Patience and tears for a last salute to Elizabeth II

Patience and tears for a last salute to Elizabeth II

BET À DAY

LONDON | After having waited for hours during the night, the British parade in continuous flow and in silence Thursday in London in front of the coffin of their beloved Queen Elizabeth II, often the only sovereign they have known, before a grandiose funeral on Monday. /strong> 

Some bow their heads in respect, others throw a kiss, make a short curtsey or wipe away a tear: the public gathers briefly on both sides of the oak coffin, which rests since Wednesday on an imposing catafalque in Westminster Hall, the oldest room in the seat of Parliament, surmounted by the sparkling imperial crown.

Before this last tribute to the sovereign, unanimously acclaimed for her total devotion to the Crown, it was necessary to arm ourselves with a very large dose of patience and wait for hours in a long queue, which stretched Thursday morning over nearly five kilometres, to London Bridge, on the other side of the Thames.

“It was really beautiful. Very moving. Very silent. There is the weight of history there, ”says Sarah Mellor to AFP, visibly moved, after seven hours of waiting at night. To the queen, she “just said thank you”.

Arrived in the line Thursday at 6:00 a.m. to see the coffin, Lisa Doodson, who lives in the suburbs of London, is pleased with the good organization and friendly atmosphere. “We are here to say thank you. And, also, to participate in this historic moment”, she explains to AFP.

Draconian security

< p>In order not to lose your place in the queue, only a short pee break is possible in one of the 500 temporary toilets specially erected for the occasion. Hundreds of volunteers have been provided to manage the crowd, as well as refreshments in businesses or institutions along the line, such as the National Theatre.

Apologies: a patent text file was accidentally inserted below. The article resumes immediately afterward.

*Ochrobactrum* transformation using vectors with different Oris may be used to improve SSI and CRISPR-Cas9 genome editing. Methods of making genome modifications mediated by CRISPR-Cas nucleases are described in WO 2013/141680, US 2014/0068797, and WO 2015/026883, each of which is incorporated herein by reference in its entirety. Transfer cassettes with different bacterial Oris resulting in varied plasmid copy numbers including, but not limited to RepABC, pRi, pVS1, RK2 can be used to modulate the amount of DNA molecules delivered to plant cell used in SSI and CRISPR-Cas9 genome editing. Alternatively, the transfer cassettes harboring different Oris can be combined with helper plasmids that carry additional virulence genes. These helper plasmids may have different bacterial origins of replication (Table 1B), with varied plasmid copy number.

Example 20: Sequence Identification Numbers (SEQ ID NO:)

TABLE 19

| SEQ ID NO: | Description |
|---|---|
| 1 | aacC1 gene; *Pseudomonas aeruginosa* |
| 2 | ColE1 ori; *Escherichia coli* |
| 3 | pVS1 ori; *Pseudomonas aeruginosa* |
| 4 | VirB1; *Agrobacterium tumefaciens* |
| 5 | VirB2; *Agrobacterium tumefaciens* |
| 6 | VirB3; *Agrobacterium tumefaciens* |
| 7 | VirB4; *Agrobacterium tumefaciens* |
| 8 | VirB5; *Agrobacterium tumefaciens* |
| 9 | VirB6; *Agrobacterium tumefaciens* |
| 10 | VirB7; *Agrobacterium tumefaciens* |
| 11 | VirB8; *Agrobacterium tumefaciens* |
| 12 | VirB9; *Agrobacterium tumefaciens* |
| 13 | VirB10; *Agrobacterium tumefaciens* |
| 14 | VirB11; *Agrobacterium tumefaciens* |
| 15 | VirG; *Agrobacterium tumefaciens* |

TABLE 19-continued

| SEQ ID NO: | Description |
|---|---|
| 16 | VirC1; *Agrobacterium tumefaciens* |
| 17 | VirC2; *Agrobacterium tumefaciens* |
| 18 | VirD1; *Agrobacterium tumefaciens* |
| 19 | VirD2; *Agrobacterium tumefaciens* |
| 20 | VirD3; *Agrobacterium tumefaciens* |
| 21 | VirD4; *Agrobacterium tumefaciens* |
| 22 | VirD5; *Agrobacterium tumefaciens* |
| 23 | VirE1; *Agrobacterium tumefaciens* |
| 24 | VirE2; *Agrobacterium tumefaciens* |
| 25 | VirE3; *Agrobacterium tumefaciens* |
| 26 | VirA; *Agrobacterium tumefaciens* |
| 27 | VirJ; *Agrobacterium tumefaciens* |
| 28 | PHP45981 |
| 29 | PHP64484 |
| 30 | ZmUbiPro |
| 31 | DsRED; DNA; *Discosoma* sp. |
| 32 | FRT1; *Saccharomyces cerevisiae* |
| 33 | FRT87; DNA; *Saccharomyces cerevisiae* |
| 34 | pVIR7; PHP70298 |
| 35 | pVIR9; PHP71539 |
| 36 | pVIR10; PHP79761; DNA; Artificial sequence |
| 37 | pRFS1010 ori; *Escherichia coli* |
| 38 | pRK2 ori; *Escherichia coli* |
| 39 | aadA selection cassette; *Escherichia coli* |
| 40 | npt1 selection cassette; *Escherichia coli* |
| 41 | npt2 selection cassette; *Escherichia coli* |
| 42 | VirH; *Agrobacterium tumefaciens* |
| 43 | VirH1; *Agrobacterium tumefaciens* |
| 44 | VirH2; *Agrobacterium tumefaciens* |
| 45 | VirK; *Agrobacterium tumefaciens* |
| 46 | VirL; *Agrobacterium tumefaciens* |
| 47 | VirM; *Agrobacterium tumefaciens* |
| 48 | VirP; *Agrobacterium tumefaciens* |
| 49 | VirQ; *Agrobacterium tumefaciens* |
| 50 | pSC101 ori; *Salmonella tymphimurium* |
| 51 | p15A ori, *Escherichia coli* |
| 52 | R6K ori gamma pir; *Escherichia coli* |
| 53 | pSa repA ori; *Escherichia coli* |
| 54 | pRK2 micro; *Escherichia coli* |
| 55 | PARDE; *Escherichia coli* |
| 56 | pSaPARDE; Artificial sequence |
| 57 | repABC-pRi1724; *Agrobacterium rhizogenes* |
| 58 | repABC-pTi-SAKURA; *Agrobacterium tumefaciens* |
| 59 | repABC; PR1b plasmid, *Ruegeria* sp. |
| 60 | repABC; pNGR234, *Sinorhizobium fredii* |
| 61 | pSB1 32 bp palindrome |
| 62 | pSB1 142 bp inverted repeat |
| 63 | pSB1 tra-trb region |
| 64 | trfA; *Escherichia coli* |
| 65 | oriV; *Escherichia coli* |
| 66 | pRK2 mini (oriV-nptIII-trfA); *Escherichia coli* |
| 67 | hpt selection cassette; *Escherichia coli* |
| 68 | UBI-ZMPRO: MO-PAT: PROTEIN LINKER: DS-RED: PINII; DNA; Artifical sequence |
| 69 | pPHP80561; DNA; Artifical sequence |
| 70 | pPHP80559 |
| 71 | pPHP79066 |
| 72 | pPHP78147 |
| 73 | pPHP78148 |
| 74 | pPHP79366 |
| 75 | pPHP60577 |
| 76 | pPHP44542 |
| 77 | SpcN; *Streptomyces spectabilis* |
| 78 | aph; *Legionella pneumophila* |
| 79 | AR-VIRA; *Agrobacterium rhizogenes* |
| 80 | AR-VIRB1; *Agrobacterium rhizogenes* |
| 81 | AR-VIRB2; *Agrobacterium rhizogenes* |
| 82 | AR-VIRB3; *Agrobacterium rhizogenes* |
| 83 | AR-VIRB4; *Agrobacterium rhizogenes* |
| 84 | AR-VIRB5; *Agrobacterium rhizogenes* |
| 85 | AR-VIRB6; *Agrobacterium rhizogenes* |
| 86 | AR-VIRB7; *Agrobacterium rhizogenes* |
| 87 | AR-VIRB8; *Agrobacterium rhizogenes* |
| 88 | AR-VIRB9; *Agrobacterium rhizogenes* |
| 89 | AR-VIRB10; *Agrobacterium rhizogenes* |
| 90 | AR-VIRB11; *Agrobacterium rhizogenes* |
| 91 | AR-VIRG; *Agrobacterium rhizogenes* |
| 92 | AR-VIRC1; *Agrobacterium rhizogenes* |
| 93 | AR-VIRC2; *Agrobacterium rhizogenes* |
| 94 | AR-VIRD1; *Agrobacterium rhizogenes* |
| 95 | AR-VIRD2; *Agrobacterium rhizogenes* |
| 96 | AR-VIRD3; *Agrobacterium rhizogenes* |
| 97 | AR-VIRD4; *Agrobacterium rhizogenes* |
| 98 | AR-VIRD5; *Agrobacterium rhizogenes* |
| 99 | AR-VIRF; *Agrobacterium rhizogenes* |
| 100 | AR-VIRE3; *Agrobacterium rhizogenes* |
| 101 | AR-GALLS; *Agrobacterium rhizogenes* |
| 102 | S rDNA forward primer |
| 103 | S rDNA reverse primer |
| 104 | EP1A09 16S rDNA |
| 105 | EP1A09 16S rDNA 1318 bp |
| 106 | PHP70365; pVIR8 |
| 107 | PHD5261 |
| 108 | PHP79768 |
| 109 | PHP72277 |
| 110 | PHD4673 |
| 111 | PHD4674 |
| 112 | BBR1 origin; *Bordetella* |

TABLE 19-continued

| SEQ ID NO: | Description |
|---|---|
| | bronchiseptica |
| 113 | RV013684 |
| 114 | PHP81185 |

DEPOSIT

Last step before the funeral of a poignant ten-day national mourning, the remains have been accessible 24 hours a day to the public since late Wednesday afternoon. She will remain so until Monday 6:30 a.m., the day of the final farewell with a national funeral at Westminster Abbey, in the presence of hundreds of foreign dignitaries and crowned heads.

Originally arriving from Scotland where Elizabeth II died, the coffin was transferred in a solemn procession from Buckingham Palace, the official residence of Elizabeth II during her 70-year reign, a UK record.

Anticipating a queue of up to fifteen kilometers, the authorities warned of “draconian restrictions”, worthy of airports to access Westminster Hall, and asked the public to “dress appropriately to pay tribute” to the sovereign, omnipresent during several generations of Britons and rock of stability in crisis and change.

Inside, the public can only bring a small bag and no food or drink is allowed. No flowers or photos either.

Rest for the King

Before these long farewells over several days, the coffin of Elizabeth II had already been exposed for 24 hours in Edinburgh, from Monday evening to Tuesday, greeted by some 33,000 people.

On Monday, the crowds s even more massive announcement for the funeral of the century, a huge security challenge for which London is preparing feverishly.

For this historic event, a public holiday has been declared and many companies, including almost all supermarkets, will keep the curtain down.

Meanwhile, Charles III, the 73-year-old new sovereign, retired to his country residence in Highgrove on Thursday for his first day without an official engagement since taking the throne.

Other members members of the royal family travel to see the tributes paid to the queen all over the country, such as Crown Prince William and his wife Kate at the royal estate of Sandringham (east of England).

With Queen Consort Camilla, the King will travel to Wales on Friday, the last leg of their tour of the four constituent nations of the United Kingdom after England, Scotland and Northern Ireland.

< p>Older than any British sovereign when they ascended to the throne, he takes office at a difficult time for the UK, which has just had a new Prime Minister, Liz Truss, and is embroiled in a social and economic crisis. Long low, the popularity of the new king has skyrocketed since his accession to the throne.